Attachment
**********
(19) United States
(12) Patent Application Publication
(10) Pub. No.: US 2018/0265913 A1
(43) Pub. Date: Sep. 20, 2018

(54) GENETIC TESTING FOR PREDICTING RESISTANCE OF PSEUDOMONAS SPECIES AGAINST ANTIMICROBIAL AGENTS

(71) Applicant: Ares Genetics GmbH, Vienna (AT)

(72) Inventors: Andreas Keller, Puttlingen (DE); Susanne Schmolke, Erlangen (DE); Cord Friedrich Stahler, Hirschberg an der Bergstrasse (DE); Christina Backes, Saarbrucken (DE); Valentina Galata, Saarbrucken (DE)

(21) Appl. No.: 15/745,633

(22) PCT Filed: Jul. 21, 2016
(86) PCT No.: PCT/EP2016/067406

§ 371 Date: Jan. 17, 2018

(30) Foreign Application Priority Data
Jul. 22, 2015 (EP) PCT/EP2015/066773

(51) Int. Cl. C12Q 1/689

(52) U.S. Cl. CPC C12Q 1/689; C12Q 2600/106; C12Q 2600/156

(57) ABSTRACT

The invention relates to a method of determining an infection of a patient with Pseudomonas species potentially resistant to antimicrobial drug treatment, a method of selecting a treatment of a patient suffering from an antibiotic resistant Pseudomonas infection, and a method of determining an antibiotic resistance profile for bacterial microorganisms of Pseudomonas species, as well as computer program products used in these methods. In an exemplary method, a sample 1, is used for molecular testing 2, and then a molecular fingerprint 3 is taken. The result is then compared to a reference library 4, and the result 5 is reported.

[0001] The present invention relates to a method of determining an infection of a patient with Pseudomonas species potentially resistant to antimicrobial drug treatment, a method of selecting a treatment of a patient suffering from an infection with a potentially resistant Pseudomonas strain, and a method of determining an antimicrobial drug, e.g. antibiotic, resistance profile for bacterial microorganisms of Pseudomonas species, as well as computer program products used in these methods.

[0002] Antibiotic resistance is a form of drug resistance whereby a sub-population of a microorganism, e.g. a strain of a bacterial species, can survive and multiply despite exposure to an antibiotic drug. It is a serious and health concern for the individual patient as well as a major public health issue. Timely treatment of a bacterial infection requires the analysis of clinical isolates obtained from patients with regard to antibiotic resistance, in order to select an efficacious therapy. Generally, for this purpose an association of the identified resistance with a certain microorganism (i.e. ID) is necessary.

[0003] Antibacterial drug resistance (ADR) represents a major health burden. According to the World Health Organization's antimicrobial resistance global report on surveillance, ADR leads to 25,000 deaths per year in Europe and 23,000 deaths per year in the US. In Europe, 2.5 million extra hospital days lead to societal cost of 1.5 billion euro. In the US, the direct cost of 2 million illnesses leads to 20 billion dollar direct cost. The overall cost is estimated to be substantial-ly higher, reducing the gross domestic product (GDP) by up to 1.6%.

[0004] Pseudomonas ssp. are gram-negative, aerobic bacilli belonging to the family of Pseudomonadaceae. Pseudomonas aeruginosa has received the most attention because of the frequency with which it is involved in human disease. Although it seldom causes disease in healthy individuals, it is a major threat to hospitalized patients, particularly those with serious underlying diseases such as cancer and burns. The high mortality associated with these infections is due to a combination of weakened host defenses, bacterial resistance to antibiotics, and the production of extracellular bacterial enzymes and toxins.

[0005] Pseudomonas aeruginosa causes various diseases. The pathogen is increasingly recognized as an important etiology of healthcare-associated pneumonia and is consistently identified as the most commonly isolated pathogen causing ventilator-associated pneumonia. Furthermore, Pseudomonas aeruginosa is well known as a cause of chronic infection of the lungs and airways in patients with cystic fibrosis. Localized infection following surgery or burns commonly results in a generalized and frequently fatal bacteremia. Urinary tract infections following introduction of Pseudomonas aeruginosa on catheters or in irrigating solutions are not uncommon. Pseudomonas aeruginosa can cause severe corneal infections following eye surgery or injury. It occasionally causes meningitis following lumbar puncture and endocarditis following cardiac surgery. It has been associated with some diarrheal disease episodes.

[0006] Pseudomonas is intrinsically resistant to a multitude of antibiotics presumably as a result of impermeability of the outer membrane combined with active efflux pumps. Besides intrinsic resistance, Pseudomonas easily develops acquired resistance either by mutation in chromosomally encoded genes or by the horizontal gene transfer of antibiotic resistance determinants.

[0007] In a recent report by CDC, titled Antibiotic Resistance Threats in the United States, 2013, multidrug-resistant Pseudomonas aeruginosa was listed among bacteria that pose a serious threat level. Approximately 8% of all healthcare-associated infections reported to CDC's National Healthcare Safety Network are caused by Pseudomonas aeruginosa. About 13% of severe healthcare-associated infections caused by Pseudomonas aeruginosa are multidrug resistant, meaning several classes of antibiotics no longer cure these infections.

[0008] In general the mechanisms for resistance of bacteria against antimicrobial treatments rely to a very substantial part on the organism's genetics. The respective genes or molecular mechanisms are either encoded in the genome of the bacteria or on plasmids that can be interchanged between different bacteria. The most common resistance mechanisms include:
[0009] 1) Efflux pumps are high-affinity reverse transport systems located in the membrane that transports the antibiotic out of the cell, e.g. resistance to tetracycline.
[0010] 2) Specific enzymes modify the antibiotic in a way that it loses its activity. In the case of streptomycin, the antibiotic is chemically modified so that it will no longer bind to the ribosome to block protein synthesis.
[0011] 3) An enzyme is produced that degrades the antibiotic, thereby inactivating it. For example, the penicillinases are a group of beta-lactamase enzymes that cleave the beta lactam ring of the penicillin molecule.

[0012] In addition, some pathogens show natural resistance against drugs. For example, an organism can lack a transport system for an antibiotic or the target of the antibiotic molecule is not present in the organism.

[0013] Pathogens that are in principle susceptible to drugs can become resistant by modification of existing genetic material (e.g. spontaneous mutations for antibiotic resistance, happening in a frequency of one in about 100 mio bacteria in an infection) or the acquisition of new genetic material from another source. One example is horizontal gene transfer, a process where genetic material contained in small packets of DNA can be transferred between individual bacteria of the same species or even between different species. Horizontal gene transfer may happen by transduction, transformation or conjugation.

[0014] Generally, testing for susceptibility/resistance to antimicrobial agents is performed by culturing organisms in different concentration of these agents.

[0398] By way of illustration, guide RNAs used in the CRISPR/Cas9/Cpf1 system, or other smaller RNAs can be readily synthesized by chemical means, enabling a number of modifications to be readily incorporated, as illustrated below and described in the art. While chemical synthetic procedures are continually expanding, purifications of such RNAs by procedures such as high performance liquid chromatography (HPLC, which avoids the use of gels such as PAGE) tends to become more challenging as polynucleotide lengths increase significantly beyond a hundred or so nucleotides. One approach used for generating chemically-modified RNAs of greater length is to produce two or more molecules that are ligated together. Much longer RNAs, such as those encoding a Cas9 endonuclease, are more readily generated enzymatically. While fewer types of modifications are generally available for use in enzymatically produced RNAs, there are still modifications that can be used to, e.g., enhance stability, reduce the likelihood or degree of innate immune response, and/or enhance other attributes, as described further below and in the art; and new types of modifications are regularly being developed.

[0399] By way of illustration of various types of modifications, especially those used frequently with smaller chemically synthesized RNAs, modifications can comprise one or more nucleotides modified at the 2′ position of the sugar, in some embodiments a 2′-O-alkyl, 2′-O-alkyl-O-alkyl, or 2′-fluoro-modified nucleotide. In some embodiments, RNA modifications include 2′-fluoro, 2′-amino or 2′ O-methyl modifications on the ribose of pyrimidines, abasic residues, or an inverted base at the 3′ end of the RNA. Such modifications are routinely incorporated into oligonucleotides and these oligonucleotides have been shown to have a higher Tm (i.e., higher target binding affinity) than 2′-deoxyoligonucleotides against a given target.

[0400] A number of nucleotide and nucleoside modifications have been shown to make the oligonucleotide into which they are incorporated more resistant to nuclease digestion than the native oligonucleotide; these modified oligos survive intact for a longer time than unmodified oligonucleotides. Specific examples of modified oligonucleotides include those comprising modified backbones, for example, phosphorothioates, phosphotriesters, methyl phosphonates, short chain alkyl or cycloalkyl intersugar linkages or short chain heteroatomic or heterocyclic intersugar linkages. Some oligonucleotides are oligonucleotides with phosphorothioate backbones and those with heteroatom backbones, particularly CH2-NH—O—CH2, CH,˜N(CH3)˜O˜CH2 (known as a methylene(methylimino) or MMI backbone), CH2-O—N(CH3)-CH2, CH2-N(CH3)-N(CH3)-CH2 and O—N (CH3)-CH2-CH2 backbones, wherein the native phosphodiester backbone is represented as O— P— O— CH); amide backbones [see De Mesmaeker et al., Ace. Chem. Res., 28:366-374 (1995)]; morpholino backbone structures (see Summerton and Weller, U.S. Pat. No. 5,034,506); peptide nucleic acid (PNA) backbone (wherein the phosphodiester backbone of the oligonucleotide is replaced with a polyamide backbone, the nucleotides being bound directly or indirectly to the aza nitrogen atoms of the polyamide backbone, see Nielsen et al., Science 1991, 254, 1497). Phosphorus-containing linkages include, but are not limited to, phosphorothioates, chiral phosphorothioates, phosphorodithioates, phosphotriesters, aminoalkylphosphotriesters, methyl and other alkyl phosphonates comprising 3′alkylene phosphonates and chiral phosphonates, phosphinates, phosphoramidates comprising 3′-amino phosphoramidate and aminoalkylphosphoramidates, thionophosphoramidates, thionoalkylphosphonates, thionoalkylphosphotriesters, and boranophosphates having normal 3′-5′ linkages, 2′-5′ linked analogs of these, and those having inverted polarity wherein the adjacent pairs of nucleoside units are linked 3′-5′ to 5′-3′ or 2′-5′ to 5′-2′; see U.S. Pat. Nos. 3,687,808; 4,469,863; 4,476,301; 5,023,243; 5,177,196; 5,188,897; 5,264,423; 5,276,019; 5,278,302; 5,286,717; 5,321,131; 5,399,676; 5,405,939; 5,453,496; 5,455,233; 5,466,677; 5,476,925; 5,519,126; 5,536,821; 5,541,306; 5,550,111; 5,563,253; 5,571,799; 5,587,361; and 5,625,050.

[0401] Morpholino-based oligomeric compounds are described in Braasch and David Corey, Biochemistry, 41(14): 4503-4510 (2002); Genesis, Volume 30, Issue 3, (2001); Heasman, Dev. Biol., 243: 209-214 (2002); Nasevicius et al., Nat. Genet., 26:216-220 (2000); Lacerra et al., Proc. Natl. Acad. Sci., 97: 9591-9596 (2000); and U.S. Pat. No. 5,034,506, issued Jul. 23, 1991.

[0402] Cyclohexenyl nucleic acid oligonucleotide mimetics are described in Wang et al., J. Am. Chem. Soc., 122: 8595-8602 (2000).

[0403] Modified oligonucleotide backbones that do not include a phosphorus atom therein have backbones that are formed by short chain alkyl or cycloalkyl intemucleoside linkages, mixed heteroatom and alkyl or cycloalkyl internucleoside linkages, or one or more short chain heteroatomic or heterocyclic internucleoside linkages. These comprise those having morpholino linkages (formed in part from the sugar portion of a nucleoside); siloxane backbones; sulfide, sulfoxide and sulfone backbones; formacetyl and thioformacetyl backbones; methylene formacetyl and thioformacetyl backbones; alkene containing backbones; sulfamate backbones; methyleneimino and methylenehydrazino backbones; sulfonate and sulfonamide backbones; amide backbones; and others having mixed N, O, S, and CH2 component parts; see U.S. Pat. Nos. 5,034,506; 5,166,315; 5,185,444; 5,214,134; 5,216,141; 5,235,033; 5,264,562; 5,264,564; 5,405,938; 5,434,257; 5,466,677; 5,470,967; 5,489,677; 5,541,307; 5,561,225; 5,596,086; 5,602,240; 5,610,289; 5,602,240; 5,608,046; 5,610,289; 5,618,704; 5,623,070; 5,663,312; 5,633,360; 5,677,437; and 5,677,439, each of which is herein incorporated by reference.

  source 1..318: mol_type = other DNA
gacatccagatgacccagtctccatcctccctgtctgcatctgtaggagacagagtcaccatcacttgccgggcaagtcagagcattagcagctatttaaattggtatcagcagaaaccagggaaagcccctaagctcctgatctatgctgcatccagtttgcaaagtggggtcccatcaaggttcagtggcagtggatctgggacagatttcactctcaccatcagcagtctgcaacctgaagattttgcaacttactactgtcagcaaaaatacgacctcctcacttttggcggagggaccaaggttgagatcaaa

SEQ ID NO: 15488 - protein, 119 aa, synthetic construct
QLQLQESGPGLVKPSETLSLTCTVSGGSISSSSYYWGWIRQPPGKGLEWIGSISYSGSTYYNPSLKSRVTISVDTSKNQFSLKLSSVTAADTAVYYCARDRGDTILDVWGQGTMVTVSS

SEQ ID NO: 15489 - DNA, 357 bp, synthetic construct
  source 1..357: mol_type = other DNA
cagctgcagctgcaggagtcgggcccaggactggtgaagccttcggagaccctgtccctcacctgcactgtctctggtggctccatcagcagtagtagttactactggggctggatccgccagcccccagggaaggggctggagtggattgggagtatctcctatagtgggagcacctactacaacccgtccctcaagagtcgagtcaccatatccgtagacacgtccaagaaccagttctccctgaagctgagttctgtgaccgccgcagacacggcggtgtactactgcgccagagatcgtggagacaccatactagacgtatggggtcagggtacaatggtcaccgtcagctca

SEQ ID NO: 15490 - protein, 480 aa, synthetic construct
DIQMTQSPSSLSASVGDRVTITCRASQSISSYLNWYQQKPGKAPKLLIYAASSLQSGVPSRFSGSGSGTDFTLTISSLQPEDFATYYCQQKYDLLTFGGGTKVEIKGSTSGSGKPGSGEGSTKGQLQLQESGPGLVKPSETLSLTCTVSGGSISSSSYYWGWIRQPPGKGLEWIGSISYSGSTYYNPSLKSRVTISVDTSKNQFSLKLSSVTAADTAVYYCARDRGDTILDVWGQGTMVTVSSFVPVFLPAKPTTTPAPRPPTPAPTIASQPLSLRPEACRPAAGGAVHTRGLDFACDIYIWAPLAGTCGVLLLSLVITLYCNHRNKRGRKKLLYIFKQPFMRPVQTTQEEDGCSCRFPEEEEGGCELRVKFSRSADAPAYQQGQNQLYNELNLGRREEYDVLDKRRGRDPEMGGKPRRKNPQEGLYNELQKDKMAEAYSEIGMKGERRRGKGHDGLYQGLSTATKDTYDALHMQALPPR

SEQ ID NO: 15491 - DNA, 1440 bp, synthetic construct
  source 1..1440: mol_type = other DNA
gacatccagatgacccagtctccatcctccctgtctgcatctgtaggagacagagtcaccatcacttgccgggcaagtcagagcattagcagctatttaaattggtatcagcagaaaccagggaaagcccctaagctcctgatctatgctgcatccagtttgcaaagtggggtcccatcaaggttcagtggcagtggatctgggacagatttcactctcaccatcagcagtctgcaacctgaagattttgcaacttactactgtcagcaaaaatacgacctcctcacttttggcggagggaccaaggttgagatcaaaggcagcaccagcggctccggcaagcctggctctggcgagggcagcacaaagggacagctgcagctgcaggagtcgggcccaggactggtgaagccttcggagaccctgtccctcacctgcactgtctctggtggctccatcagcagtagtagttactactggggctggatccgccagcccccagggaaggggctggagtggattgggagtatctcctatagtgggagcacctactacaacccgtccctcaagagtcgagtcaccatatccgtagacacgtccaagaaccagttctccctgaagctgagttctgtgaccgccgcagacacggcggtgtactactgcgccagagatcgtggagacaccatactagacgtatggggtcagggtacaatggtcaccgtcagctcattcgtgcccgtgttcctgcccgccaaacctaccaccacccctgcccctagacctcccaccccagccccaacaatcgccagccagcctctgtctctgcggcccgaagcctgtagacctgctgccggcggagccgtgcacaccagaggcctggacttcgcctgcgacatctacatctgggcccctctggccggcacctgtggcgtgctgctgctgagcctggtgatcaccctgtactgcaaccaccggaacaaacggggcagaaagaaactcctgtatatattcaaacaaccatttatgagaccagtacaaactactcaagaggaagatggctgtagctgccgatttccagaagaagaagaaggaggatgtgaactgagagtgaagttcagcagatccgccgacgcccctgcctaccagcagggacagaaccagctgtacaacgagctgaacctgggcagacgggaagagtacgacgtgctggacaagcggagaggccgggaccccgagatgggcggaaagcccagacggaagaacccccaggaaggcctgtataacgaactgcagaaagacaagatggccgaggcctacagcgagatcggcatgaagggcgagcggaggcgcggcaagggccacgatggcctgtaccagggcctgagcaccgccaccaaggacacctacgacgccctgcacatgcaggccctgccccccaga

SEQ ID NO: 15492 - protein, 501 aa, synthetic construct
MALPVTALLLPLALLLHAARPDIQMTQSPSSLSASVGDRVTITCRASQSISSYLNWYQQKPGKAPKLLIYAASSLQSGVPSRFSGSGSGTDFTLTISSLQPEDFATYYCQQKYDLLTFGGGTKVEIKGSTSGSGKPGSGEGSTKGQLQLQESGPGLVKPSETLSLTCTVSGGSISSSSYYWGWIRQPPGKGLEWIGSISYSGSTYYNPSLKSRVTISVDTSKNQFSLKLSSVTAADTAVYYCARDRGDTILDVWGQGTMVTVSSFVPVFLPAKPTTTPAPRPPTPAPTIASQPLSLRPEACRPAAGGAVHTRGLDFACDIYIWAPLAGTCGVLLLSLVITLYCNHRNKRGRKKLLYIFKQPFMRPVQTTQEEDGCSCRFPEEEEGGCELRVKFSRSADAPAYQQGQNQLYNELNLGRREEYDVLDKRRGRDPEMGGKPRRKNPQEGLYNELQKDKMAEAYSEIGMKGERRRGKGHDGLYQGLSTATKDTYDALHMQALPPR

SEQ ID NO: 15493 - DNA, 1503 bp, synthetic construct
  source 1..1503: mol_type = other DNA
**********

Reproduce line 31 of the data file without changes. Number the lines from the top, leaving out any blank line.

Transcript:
[0014] Generally, testing for susceptibility/resistance to antimicrobial agents is performed by culturing organisms in different concentration of these agents.